• Cloud infrastructure – Cloud computing is here to stay with commodity cloud providers like Amazon Web Services , Microsoft , and Google dominating the market with their cost-effective platforms. The cloud fuels everything from IoT to SaaS solutions, including managed print offerings. If you're going the SaaS route, ask potential MPS providers which provider they host their solutions with and ensure it meets your program needs. When you purchase a SaaS solution, you're not just partnering with the MPS provider, but with their chosen cloud services provider as well.


• Scalability – The more difficult it is to scale your MPS solution, the more growing pains you'll experience as your business grows. You want a flexible solution that can grow with you, not hold you back or slow you down when you have a large opportunity in the funnel or are looking to break into a new market. Most SaaS solutions hosted in the cloud are easy to scale, but only if you have an equally flexible MPS provider that can support your business requirements.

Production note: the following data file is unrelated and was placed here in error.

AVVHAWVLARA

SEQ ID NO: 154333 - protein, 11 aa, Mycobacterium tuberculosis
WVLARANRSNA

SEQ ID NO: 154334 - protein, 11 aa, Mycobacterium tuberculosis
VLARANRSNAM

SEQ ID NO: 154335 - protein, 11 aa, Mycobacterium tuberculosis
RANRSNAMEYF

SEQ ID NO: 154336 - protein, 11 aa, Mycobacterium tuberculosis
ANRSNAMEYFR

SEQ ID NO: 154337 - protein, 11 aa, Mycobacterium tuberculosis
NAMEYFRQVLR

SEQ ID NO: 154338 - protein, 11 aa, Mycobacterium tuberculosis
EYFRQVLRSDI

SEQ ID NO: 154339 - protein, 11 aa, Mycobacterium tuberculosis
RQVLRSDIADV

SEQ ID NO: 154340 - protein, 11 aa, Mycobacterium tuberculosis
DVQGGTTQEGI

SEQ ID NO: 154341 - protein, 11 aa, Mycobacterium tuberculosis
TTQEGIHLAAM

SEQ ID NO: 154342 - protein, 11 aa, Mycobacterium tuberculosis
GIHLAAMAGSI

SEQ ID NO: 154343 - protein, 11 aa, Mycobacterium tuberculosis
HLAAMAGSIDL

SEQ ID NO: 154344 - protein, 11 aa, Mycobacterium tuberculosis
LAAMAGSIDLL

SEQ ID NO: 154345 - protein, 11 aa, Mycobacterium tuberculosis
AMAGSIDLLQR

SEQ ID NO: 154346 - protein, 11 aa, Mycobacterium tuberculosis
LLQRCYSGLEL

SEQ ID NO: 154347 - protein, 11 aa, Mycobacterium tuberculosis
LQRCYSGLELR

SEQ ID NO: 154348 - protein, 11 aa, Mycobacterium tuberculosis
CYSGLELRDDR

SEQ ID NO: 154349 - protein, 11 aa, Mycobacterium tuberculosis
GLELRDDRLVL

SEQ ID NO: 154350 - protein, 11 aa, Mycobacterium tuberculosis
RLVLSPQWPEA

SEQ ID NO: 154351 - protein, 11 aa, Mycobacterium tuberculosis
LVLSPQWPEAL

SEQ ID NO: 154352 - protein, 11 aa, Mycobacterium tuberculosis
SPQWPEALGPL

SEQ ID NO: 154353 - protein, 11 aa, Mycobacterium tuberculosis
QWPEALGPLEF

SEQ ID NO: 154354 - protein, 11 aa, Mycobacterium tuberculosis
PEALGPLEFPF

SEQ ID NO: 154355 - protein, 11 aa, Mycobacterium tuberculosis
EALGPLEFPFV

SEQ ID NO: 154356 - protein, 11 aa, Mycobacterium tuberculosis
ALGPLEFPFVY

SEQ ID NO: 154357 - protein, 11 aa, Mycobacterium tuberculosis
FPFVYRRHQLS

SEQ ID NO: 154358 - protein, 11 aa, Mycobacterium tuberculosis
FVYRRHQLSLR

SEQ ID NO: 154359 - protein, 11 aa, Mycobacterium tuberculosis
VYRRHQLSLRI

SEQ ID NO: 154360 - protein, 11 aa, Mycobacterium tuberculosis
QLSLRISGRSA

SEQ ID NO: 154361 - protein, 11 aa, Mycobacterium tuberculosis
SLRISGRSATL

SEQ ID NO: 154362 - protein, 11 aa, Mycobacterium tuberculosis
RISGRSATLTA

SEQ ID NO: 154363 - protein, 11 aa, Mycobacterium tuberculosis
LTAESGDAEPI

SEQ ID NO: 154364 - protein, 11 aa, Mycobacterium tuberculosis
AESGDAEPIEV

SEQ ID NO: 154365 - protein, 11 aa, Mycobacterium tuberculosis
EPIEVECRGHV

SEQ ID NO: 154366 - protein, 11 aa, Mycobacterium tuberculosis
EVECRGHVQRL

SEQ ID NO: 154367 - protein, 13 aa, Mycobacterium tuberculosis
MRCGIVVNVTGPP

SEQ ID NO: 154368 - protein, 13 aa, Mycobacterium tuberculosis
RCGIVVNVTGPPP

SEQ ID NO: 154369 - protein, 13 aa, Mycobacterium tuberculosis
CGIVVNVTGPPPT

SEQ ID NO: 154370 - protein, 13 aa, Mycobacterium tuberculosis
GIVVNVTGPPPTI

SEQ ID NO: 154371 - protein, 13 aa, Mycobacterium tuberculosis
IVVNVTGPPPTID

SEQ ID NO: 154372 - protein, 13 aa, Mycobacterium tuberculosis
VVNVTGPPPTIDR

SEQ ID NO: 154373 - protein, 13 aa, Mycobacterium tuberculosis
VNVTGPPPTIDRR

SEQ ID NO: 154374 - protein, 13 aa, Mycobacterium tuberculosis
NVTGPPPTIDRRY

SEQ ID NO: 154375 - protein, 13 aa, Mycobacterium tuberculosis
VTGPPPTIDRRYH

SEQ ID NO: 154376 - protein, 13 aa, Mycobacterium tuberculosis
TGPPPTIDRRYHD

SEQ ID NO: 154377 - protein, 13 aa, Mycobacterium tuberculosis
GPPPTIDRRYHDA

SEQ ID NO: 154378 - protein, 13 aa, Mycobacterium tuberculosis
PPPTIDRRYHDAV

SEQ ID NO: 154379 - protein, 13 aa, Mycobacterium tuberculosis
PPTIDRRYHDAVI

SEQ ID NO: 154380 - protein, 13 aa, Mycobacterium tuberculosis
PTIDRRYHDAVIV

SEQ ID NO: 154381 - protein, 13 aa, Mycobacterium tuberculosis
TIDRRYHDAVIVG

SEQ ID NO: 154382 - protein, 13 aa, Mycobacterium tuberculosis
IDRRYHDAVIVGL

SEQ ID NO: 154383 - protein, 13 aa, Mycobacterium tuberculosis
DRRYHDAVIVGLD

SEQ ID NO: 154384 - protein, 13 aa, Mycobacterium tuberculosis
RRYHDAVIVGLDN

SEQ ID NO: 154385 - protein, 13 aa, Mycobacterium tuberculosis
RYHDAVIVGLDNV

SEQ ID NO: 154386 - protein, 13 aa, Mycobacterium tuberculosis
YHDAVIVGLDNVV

Looking for a more in-depth introduction to MPS? Download our Complete Guide to Managed Print Services.

About the author

Privately held, ECi Software Solutions is headquartered in Fort Worth, Texas, USA, with offices throughout the U.S., Canada, Mexico, England, the Netherlands, and Australia. ECi has more than 40 employee contributors who share their insights and expertise on a variety of topics including sales, marketing, cloud, ERP, and SMB development as well as on product specific education.